on January 24, 2007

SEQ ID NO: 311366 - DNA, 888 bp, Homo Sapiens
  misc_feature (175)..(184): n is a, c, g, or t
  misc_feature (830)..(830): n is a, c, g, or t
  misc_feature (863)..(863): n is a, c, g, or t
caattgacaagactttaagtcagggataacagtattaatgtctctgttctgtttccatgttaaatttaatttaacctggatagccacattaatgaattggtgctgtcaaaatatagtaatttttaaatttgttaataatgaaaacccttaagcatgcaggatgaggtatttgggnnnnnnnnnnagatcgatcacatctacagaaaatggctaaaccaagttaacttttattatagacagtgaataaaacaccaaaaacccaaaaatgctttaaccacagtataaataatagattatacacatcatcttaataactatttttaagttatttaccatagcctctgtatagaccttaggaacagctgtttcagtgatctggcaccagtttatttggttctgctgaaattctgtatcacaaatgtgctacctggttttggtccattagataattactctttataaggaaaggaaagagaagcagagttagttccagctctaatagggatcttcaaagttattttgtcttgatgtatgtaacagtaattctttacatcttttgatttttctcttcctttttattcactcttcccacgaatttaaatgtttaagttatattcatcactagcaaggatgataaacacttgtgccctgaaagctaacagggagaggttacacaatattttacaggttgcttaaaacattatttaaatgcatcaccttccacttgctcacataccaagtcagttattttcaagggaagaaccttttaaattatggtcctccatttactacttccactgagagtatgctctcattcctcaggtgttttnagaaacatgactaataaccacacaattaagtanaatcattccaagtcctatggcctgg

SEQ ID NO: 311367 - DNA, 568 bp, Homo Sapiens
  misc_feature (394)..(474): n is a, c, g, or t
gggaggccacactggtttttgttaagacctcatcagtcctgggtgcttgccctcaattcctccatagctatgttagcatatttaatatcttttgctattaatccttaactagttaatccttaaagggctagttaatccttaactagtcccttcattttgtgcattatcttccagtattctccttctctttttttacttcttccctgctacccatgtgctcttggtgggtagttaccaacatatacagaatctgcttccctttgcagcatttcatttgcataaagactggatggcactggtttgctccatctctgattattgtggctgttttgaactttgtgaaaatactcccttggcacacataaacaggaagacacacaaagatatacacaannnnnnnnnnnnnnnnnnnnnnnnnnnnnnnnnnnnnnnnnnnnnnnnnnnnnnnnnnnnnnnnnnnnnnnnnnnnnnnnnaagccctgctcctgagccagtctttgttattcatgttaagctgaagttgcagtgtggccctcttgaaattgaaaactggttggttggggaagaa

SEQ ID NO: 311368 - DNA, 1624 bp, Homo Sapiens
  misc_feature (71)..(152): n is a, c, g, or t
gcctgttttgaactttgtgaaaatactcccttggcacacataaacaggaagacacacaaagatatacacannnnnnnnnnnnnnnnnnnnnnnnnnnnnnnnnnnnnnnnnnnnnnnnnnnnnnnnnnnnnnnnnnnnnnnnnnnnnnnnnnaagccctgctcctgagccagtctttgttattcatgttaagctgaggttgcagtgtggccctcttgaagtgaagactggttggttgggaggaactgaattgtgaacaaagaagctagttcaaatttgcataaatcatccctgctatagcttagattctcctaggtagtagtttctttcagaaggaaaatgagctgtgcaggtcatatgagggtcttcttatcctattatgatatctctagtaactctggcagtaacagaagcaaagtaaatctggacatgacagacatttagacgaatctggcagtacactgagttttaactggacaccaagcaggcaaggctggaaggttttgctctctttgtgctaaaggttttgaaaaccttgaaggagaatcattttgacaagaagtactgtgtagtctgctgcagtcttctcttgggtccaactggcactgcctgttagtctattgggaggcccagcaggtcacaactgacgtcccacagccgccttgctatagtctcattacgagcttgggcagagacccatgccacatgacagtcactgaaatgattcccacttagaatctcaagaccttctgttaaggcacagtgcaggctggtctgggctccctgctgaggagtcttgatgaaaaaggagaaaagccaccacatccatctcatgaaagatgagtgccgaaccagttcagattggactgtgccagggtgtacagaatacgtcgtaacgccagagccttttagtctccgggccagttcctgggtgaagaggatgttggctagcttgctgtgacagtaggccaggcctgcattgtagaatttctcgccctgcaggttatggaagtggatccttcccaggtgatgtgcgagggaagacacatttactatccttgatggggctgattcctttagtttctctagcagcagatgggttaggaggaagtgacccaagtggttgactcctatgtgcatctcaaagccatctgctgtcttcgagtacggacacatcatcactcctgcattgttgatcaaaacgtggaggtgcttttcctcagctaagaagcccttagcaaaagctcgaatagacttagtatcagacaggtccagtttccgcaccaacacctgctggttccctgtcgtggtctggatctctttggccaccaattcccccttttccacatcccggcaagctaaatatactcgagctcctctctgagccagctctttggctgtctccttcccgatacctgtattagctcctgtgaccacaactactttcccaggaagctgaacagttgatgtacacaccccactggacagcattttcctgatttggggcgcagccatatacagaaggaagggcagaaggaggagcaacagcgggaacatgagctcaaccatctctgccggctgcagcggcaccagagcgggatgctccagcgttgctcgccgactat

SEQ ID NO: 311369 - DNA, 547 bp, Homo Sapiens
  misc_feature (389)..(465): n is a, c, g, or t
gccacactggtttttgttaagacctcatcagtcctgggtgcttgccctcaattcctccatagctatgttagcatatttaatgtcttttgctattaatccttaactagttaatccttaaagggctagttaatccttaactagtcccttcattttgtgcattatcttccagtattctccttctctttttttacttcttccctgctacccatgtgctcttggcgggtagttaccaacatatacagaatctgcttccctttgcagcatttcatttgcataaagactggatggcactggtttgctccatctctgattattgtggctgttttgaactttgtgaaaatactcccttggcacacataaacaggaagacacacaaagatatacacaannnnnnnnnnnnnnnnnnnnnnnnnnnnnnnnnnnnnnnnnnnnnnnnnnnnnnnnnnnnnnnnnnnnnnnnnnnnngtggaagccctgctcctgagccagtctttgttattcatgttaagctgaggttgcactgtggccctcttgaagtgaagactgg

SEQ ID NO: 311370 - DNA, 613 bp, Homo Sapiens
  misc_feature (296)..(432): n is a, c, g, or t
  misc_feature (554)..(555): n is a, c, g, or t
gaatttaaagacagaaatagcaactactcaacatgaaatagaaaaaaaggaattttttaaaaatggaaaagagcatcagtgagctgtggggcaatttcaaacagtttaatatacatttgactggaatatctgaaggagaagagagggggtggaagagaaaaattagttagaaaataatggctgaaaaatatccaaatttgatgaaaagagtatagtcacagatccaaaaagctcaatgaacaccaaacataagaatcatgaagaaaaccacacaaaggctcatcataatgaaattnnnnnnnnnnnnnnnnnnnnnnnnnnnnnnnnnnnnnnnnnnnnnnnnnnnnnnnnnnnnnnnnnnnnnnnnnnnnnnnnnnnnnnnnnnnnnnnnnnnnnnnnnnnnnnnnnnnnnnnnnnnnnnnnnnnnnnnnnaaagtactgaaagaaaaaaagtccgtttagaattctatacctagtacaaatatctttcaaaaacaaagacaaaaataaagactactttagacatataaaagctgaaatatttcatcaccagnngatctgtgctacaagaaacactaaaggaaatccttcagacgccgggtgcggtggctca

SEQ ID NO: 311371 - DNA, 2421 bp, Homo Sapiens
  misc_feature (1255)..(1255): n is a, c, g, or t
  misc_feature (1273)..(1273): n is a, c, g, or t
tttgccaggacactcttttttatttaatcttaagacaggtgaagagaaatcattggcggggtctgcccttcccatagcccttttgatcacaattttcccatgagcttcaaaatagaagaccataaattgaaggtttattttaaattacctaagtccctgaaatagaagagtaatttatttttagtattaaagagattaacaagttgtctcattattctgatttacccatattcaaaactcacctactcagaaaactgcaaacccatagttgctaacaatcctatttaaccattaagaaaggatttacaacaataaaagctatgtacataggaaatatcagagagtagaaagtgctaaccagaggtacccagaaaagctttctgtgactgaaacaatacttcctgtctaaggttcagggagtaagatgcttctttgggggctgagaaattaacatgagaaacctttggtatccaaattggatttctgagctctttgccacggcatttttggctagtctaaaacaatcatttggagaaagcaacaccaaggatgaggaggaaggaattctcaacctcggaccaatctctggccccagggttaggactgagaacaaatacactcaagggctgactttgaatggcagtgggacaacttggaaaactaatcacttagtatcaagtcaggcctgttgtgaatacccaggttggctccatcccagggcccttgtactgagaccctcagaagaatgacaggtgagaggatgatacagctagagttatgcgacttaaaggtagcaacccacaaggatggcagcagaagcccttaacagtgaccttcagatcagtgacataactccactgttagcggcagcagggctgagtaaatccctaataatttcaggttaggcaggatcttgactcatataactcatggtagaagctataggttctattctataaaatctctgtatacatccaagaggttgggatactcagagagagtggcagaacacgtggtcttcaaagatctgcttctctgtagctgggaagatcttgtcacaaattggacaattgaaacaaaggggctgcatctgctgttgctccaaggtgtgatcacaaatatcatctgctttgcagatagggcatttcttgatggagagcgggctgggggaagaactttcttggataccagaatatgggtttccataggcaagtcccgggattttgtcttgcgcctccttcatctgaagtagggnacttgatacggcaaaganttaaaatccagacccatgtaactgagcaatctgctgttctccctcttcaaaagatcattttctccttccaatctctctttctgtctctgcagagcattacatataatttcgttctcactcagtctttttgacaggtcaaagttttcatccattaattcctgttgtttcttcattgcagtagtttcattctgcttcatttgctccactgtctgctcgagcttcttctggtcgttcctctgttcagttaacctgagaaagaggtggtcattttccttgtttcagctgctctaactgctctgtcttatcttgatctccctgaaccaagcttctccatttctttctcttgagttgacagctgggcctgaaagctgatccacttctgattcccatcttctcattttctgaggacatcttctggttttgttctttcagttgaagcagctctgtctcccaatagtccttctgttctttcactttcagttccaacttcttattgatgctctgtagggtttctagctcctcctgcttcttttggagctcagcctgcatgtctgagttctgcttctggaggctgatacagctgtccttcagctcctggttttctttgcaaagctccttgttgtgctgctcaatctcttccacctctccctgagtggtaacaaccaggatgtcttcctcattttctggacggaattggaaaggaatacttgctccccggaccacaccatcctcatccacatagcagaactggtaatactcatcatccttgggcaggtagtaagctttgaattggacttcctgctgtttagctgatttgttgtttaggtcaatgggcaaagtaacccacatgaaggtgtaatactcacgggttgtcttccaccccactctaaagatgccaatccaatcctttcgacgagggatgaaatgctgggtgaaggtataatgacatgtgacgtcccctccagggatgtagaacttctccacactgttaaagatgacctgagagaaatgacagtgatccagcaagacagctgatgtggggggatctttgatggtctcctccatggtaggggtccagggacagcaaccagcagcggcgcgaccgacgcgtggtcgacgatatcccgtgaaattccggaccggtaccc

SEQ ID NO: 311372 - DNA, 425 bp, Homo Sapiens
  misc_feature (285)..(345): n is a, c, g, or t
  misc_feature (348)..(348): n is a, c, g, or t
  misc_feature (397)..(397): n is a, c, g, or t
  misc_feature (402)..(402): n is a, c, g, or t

A walking tour of the French Quarter is a must as it is the historic and cultural center of New Orleans. You can easily walk the Quarter as it is rather shady; there are many restaurants and bars if you need to take a break, although it can get rather humid in summer. This walking tour will take approximately 2 to 6 hours to complete, depending on how many museums you actually visit or how many breaks you take for food or shopping! As always, bring along a hat, drinking water, and lots of sunscreen.You can start your walking tour at the upper end of the Quarter where you will find boisterous bars, gift shops, fancy hotels and world–class Creole restaurants here such as the ever popular NOLA, Antoine’s and Galatoire’s. Despite the hordes of tourists here, one can still marvel at the gorgeous architecture of the area. The French Quarter draws its beauty from the sheer number of aged and detailed houses, especially the filigreed cast iron gates and balconies. We saw lots of gates that had corn, grapes, and leaf motifs as well as shuttered doors and windows. Interestingly, some columns of the houses had huge ‘thorns’. This, we were told, was to prevent amorous young lovers from climbing onto the upstairs balconies of their sweethearts. Make your way to the heart of the French Quarter, Jackson Square, one of the most picturesque parks in the United States, mainly because it is flanked by the Pontalba Buildings, the Cabildo, and the St Louis Cathedral. The Cabildo is historically significant as the site of the Louisiana Purchase transfer in 1803 and has served as the venue of the Spanish Colonial government in New Orleans. Inside you will find more than 1,000 artifacts and authentic works of art. The Cabildo is open Tuesday through Sunday from 9am to 5pm. Tickets cost $5 for adults and are free for children.The history of Mardi Gras is wonderfully chronicled in the permanent exhibition at the Presbytere which emphasizes major themes of the celebration such as the Masking, Parades, and Balls. Not to be missed are the unique Mardi Gras memorabilia, sequined and bejeweled handmade gowns worn by kings and queens, and antique invitations to masquerade balls. The Presbytere is closed on Mondays. Otherwise, hours are from 9am to 5pm and admission is $5 for adults. If you decide to visit the Cablido and Presbytere together, you will receive a 20% discount on the ticket price. The square itself is an amazingly colorful and hectic place, what with carriage rides (starting from $10), tarot card readers, mimes, musicians, painters, performers, and vendors, all vying for your attention and dollars! Be sure to visit the French Market at the lower end of the Quarter near the river. It houses the Farmer’s Market and Flea Market and you will find really cheap souvenirs and trinkets here if you bargain hard!
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